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A Review on Public Interest Litigation

Public Interest Litigation (PIL) is a significant innovation in justice administration of delivering legal service to certain class of citizens who stand deprived of their right and who are disabled in accessing initiations of justice or any other remedial process in case of any infringement of their right, on their own accord.

The expression public interest litigation means a legal action initiated in an appropriate court for enforcement of interests of the general public at large in which the entire population or a class or community has an interest, founded on their constitutional or legal rights.

A writ under the relevant provisions of the Constitution[1]can be moved not only by the person aggrieved from any state action, but also by a public spirited individual[2], an association or a journalist[3] or a social action group, or persons for the enforcement of the constitutional or legal rights[4] of some other person, provided he or she is unable to approach the court for redress owing to his condition that he belongs to a class or group of persons who are in a disadvantaged position on account of poverty, disability or other social or economic impediment and are unable to enforce their rights,[5] or such person being in custody;[6] such person may not be inclined to pursue litigation process by reason of perceived impediments.

No right called Public Interest Right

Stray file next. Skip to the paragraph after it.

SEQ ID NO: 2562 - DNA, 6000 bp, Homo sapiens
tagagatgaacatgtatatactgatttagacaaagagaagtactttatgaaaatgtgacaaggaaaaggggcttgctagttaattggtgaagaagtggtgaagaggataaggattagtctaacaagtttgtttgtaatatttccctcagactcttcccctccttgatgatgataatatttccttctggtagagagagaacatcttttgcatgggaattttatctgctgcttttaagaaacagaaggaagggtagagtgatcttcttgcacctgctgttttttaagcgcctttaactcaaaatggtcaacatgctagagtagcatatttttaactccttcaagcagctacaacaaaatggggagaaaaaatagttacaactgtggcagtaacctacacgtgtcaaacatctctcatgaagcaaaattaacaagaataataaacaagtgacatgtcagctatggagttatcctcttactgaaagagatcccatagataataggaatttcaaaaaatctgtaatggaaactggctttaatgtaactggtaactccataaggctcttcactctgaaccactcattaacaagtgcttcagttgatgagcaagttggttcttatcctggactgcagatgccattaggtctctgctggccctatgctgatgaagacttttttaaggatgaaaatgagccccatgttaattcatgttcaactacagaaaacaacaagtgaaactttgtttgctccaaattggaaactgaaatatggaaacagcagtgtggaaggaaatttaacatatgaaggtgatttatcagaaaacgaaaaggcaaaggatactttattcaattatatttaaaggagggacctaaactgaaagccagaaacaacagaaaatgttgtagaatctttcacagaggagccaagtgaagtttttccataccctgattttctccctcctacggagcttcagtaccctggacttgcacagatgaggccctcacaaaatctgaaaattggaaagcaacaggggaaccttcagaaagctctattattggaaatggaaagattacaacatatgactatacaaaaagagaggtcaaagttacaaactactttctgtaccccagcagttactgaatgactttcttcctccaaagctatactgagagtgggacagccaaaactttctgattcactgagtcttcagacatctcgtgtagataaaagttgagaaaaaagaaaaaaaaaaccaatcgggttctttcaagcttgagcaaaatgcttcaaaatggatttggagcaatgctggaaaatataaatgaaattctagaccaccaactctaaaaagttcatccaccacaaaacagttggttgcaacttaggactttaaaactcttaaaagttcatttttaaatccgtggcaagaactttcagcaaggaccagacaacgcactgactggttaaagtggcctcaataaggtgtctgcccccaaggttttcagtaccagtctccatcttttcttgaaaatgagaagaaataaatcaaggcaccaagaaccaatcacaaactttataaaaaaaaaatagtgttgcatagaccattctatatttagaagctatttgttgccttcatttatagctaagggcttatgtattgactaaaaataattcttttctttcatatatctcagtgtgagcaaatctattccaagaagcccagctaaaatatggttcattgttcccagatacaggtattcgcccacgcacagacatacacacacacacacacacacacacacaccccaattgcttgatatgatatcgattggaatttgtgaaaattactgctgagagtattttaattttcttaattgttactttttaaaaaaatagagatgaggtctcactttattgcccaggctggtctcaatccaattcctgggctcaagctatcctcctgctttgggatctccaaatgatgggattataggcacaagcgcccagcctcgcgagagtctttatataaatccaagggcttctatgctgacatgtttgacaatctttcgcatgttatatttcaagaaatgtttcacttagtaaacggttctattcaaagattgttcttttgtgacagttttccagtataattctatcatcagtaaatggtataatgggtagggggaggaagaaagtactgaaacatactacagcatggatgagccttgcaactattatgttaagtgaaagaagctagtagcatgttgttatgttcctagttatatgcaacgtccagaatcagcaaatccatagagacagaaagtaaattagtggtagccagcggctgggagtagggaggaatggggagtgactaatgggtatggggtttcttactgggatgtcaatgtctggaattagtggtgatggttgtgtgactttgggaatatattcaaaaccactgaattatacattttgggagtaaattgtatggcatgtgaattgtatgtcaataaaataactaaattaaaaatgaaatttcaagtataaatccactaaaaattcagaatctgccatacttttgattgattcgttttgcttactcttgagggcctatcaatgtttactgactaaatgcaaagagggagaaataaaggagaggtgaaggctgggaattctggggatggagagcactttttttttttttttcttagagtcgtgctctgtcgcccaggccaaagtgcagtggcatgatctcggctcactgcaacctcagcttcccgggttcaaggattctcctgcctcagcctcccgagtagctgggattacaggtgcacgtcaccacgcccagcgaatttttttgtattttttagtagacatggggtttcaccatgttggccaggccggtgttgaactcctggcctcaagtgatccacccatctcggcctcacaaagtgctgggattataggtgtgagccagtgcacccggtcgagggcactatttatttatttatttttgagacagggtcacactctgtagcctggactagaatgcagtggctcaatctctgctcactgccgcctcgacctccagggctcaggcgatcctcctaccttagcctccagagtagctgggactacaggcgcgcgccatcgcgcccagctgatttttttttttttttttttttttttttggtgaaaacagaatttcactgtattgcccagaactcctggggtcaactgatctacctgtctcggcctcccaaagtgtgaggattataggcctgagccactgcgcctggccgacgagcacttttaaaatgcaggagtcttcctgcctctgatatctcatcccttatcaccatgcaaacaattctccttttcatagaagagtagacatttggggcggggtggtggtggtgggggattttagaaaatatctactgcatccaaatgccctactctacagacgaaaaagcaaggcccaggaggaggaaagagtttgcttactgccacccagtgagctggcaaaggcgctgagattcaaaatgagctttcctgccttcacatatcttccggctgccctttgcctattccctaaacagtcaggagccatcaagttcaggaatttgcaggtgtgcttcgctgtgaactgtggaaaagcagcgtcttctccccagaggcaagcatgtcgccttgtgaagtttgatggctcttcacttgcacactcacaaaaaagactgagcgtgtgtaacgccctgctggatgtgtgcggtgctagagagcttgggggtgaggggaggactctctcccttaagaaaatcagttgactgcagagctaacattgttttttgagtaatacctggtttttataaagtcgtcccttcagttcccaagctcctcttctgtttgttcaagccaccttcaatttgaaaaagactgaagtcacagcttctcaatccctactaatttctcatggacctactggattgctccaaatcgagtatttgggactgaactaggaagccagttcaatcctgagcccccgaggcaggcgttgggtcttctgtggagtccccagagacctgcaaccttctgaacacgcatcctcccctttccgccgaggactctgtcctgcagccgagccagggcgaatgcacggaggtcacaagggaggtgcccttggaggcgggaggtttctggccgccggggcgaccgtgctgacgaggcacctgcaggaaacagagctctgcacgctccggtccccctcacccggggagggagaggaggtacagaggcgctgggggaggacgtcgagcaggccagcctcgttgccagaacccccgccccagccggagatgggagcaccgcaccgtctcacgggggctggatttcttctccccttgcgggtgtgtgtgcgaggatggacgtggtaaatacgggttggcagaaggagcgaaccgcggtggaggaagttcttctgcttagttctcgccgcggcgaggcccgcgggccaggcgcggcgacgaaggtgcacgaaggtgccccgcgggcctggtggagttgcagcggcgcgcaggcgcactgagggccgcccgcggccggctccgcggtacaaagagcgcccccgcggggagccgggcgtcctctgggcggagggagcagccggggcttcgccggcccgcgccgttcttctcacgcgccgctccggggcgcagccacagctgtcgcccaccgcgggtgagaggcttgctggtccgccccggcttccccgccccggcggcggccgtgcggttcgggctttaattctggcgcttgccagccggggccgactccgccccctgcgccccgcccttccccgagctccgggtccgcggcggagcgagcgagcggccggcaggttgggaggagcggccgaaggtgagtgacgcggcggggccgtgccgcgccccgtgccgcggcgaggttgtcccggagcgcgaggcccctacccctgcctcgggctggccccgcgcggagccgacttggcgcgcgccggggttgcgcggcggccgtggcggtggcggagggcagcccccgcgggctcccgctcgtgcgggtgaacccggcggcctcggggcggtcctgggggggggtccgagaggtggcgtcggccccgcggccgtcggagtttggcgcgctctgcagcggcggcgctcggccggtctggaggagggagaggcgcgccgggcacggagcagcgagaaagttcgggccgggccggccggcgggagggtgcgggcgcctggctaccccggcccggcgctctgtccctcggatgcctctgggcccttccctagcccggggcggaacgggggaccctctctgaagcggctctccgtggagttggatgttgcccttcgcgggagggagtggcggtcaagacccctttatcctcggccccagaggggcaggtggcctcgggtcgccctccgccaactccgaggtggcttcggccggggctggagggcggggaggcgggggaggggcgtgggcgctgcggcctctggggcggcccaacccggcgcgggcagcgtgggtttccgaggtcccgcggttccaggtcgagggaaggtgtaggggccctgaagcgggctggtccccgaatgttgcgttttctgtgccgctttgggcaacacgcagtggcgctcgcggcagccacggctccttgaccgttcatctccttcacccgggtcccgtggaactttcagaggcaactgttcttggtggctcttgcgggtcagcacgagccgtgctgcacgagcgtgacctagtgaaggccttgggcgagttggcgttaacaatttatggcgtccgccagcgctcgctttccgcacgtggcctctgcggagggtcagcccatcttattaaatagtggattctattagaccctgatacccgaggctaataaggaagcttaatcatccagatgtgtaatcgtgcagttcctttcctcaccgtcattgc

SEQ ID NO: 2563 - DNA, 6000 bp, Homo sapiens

In pursue of invoking the constitutional powers to protect public interests, it is important to note that mere demonstration of such interests is not sufficient. There is no specific right called a ‘public interest right'. Rights are either legal or constitutional. Unless a constitutional right is shown to have been infringed, a petition under Article 32 does not lie.[7]

Merely issues of governance, institutional administration or organisation of affairs of public institutions need not necessarily qualify as issues for resolution by Article 32, unless it is shown that an injury may be caused to the independence of such institutions.[8]

Private interest case may be treated as PIL

In appropriate case, where the petitioner might have moved a curt in his private interest and for his personal grievance, court may in furtherance of public interest treat it as an occasion and a necessity to inquire into the state of affairs of the subject of litigation. Thus, a private interest case can also in special circumstances transmit itself as a public interest cause.[9]

Scope of PIL

The strategy of PIL has been evolved, with a view to bring justice within the easy reach of poor and disadvantaged section of the society.[10] The grievance in a PIL is about the legality, relevance of any state action in relation to constitutional or statutory rights of segments of society and in certain circumstances the conduct of government itself.[11]

The relief to be granted looks to the future and is, generally, corrective rather than compulsory in nature. The court in this regard plays a positive role in furtherance of justice instead of merely declaring on the rights of the parties.[12]